Fire Prevention

Prevent Fires with this Simple Weekend Task

As a homeowner, safety is always top-of-mind; you install fire alarms to alert you of smoke and flames; carbon monoxide alarms to warn you of potential poisoning; locks on your doors and security cameras to keep out intruders. But did you know one of the biggest dangers can be lying within your vents?

That’s right – your home’s dryer vents can house flammable dust and debris that, if not cleaned properly, and regularly, can be a big fire risk. In fact, according to the National Fire Protection Association, nearly 17,000 home dryer fires are reported each year, resulting in, on average, 51 deaths, 380 injuries, and $236 million in property loss. And of these 17,000 fires, nearly 40% are the result of the homeowner’s failure to clean out their dryer vents.

Thankfully, this risk can be mitigated by taking some time (about twice a year) to clean out your dryer vents. Read on to see how.

Indications That it’s Time to Clean Your Vents

When your dryer stops performing at its peak, that’s usually a good indication that it’s time to clean out the vents. Signs that you’re overdue for a cleaning include clothes taking longer than usual to dry, your laundry room overheating when the dryer is on, and even burning smells when running the dryer. 

If you don’t pay attention to these warning signs, you’re preventing the dryer from being able to exhaust hot air, which can lead to it overheating and causing a dryer fire. 

How to Clean Your Dryer Vents

Cleaning out your dryer vents is a small afternoon project you can complete in under two hours to help ensure your home stays safe from fires (in the dryer, at least!).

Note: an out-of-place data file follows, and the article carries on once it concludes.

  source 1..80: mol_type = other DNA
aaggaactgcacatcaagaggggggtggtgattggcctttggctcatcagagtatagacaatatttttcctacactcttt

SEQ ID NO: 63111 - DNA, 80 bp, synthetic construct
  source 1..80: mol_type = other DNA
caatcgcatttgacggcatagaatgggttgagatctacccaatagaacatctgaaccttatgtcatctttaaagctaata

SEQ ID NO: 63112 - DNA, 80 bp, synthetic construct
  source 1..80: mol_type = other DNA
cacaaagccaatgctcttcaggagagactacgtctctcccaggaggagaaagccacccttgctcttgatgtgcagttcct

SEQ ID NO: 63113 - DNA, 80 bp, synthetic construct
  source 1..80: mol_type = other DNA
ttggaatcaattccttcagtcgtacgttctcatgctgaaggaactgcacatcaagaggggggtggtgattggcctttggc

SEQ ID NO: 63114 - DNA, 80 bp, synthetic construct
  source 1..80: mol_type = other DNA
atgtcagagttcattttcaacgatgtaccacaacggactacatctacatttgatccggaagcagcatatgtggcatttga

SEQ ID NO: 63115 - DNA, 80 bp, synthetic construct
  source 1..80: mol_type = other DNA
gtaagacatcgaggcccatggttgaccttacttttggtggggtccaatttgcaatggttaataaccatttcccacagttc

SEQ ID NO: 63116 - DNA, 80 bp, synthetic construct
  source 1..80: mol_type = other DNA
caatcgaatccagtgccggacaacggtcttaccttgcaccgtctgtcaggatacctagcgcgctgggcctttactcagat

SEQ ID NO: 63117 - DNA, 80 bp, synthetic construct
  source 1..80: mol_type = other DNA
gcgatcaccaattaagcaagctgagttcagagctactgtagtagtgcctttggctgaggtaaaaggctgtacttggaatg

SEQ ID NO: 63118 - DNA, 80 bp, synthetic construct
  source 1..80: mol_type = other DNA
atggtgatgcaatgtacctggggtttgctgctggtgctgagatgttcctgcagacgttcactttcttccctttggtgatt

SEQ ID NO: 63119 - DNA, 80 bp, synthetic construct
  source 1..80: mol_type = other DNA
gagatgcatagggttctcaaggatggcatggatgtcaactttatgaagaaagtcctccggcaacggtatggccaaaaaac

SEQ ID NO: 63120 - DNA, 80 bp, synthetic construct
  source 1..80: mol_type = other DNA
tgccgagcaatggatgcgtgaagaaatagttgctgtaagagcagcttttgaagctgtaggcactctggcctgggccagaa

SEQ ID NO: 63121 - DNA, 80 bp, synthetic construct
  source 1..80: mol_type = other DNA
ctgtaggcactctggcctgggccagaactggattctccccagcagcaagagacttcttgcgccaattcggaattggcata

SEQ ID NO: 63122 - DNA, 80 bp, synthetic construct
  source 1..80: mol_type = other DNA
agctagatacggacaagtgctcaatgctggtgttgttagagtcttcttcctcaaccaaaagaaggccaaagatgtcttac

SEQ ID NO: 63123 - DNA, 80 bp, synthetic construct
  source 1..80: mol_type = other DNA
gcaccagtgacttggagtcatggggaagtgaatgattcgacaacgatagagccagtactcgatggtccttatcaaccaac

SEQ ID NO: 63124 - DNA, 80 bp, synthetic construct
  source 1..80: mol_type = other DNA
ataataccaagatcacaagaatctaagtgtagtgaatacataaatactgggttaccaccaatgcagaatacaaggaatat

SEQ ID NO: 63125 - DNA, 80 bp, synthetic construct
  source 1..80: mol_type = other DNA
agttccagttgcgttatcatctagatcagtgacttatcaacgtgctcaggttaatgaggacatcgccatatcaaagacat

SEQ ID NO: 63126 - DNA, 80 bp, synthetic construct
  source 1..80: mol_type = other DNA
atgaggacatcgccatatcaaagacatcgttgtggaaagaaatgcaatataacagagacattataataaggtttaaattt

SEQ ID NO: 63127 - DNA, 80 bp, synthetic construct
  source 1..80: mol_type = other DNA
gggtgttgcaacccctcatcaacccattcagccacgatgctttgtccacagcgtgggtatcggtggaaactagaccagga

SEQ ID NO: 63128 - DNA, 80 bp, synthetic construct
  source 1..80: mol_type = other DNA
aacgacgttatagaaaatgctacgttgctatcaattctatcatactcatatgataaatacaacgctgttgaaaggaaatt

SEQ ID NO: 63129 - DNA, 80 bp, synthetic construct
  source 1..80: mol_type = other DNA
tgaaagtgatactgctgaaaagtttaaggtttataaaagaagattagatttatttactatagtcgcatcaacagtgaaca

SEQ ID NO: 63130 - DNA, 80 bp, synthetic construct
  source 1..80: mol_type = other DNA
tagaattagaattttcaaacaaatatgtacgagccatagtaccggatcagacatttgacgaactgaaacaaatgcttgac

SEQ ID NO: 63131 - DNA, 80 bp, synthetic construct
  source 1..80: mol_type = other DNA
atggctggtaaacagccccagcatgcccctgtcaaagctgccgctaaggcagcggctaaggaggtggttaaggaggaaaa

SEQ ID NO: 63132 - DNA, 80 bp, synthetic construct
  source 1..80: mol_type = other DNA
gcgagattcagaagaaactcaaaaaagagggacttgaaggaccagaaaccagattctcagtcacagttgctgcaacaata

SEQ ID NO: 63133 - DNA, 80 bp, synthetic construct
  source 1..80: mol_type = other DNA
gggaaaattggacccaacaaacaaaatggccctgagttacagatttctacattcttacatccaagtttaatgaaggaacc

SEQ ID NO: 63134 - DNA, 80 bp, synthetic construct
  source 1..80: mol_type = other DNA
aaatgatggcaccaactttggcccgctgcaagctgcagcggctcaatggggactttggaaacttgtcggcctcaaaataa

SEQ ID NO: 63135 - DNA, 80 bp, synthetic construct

Step 1: Gather Your Supplies

What You’ll Need:

Step 2: Unplug Your Dryer and Disconnect the Duct

Be sure to unplug your dryer for safety and then pull it away from the wall to locate the vent, which is typically found at the back of your dryer attached to the duct. Disconnect the duct from the back of the dryer. 

Step 3: Vacuum 

Using a hose attachment, vacuum out the dust and debris surrounding the entrance to the vent, going as far into the exhaust duct as you can. 

Step 4: Clean with a Flexible Brush

Using your cleaning brush (it’s best to have one with an extendable reach), gently spin it clockwise through the duct. This part can get messy as more and more dust gets removed, so you may want to wear a dust mask and goggles to help protect your face and lungs from dust particles. 

Step 5: Vacuum (Again) and Mop

After cleaning out the vents, there’s likely a lot of dust on your laundry room floor. Vacuum it up, and, if the lint leaves any residue, use a damp cloth or towel to wipe it away. You can also give your laundry room a quick mop to soak up any lingering debris.

Step 6: Clean the Exterior Exhaust Vent

Your dryer’s exterior exhaust vent is located at your home’s exterior, above where the dryer sits indoors. If it’s low enough to the ground, you can use your flexible brush and repeat step four to clean the duct from the outside working in.

Finally, plug your dryer back in and, to maintain its cleanliness, be sure to always clean out your lint trap after every cycle to minimize lint buildup. For ongoing maintenance, repeat this task at least twice a year to keep your dryer in tip-top shape, and keep your home out of danger of dryer fires. 

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